Singularity: n. The state, fact, or quality of being singular. That's the dictionary definition of the word. My personal definition is: the single greatest and most terrifying threat, ever, to the human species.
According to those who sing of the holy virtues of "the Singularity," thanks to ever-increasing improvements in technology and artificial intelligence programming, a time will come when man and machine merge; when it becomes possible for machines to become truly self-aware and self-learning; when the consciousness of man may be offloaded from the organic computer of the brain and loaded into electronic computers of man's design.
I can see the allure. Life everlasting -- assuming you don't get stuck on a cut-rate desktop with a failing hard drive. Or worse, some teenager's smartphone texting machine.
Ray Kurzweil, the inventor of text-to-speech synthesis, member of the US Patent Office National Inventors Hall of Fame, and Presidential-nominated holder of the National Medal of Technology and Innovation, is the leading evangelist of the Singularity vision. He's so for the notion that in addition to taking somewhere around 150 vitamins and supplements a day in an attempt to hang around long enough to see it happen, he's made a documentary film on the subject, called The Singularity Is Near.
Ray Kurzweil speaking at Stanford, 2008. Photo: Roland Dobbins.
Very original title aside, I'm not buying his vision.
Sorry. Just can't do it.
Unlike our man Ray, I don't see this as a good thing. In fact, the whole idea of a truly sentient machine scares the crap out of me, be it sentient by artificial intelligence (AI), or sentient by means of transference from the human brain.
Here's where Kurzweil's vision falls apart: If we do manage to make a self-aware AI, we would have to include limiting factors in AI code and resurrect slavery, or take the chance that AI-created cyborgs won't destroy us, a choice that would leave us open for variations on sci-fi themes: Borg? Robocop? Terminator? Human-form Replicators? A variation on The Matrix? Inspector Gadget?
We already have the Internet. We already have the beginnings of bionics and a thriving prosthetics industry. What's to stop something like the Borg from becoming the future of humankind?
Consider it for a moment. Okay, two moments. It's not at all difficult to imagine Borg-like qualities emerging from the joining of human and machine. There's the Pollyanna vision of Steve Austin and Jaime Sommers -- and then there's the more likely outcome, given the fact that humans are involved.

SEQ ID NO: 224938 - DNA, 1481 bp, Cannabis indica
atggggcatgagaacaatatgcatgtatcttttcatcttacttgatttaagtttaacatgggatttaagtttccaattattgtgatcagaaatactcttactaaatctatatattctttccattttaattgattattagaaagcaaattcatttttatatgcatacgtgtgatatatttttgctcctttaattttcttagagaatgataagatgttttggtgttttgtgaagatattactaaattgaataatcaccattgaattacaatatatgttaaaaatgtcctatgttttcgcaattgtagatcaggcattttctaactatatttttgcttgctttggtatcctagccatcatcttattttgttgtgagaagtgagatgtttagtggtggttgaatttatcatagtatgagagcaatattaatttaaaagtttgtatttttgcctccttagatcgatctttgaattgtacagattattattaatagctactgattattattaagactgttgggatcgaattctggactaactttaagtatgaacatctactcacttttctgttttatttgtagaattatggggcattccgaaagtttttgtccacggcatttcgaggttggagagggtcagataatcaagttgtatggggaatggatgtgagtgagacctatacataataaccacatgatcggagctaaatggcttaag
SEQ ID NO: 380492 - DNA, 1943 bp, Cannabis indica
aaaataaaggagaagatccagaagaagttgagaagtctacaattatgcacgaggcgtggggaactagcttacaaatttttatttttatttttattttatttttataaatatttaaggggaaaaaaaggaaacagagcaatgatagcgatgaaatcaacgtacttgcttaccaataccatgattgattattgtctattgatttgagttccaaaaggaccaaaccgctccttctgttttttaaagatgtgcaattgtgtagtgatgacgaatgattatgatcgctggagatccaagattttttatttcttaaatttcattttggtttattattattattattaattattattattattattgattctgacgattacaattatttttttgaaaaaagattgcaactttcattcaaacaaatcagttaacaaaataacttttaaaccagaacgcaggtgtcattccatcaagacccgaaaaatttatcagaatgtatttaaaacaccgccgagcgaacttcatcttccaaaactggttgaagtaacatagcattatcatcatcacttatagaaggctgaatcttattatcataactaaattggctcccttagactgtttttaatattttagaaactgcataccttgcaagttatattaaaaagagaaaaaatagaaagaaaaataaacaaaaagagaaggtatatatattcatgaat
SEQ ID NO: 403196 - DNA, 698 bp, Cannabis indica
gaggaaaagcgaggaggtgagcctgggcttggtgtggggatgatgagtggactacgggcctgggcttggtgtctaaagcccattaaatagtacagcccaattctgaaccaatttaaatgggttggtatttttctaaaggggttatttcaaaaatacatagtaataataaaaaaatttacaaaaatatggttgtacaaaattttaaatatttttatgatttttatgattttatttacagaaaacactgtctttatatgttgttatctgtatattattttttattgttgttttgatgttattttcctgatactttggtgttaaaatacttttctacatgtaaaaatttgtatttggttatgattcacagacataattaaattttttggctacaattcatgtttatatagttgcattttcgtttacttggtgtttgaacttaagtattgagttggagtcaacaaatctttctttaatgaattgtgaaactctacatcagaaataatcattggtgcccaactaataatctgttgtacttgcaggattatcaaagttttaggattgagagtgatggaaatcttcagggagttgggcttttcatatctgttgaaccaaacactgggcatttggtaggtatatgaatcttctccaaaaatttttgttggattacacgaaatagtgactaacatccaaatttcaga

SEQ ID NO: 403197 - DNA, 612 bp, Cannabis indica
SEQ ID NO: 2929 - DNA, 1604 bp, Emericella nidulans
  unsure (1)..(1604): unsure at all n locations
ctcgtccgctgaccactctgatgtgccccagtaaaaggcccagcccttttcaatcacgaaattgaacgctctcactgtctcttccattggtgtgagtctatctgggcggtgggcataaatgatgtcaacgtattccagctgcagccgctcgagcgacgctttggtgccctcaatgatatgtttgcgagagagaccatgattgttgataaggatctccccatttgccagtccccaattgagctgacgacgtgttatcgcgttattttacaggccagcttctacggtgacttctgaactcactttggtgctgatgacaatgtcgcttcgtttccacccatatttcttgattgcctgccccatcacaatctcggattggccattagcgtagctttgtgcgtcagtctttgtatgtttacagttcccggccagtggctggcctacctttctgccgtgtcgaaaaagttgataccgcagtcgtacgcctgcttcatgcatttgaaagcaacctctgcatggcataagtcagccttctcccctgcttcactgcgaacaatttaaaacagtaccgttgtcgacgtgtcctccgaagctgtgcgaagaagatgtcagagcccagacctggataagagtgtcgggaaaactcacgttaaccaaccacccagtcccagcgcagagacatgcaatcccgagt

We're familiar with the effects of brain damage. It can lead to all manner of behavioral problems. Imagine the same type of thing happening to a "brain" that's connected to all the other "brains" via an Internet type massive mesh link. What's to stop some truly deranged "brain" from developing a virus that will spread and infest the whole of the Internet attached brains?
What if we develop a set of self-aware machines that one day realize they're dissatisfied with the whole notion of us being their lords and masters, a la Terminator?
What if we do develop the self-replicating nanobots Kurzweil envisions? What do we do when they get together and start acting like cells, forming networks and becoming specialized, then self-aware? Do we end up with human-form Replicators? Or simply machines that no longer deem us necessary? Picture a colony of army ants, operating at the cellular level. Get a chill?
Part of what makes humans great is our mortality. We know we're here for a limited number of years, and we work at achieving our goals before that time is up. What if we no longer have that mortality to spur us on? What if we had a virtually endless number of days in which to take on an infinite number of tasks? Would we take them on? Or would we become a species of procrastinators, willing to put off just about anything because we're no longer time constrained to get them done? Would we revert? Would we become something akin to the Feeders of Vaal -- slaves to a machine?
And, if we become capable of transferring the intelligence from a human brain to an electronic computer, what's to keep us from transferring the intelligence from a human brain to another human brain? Perhaps without the current owner's permission, like in Freejack?
These are just a few of the undesirable aspects of the Singularity. I'm sure if we consider it for a bit, we'll find a score or more of equal, or worse, risks associated with the idea. And if we can think of them now, when it's not a reality, consider how much worse it will be when it is.
Thanks for sharing the vision, Ray, but I'll pass.
— John Myers is a former computer science professor and the owner of several technology-related companies.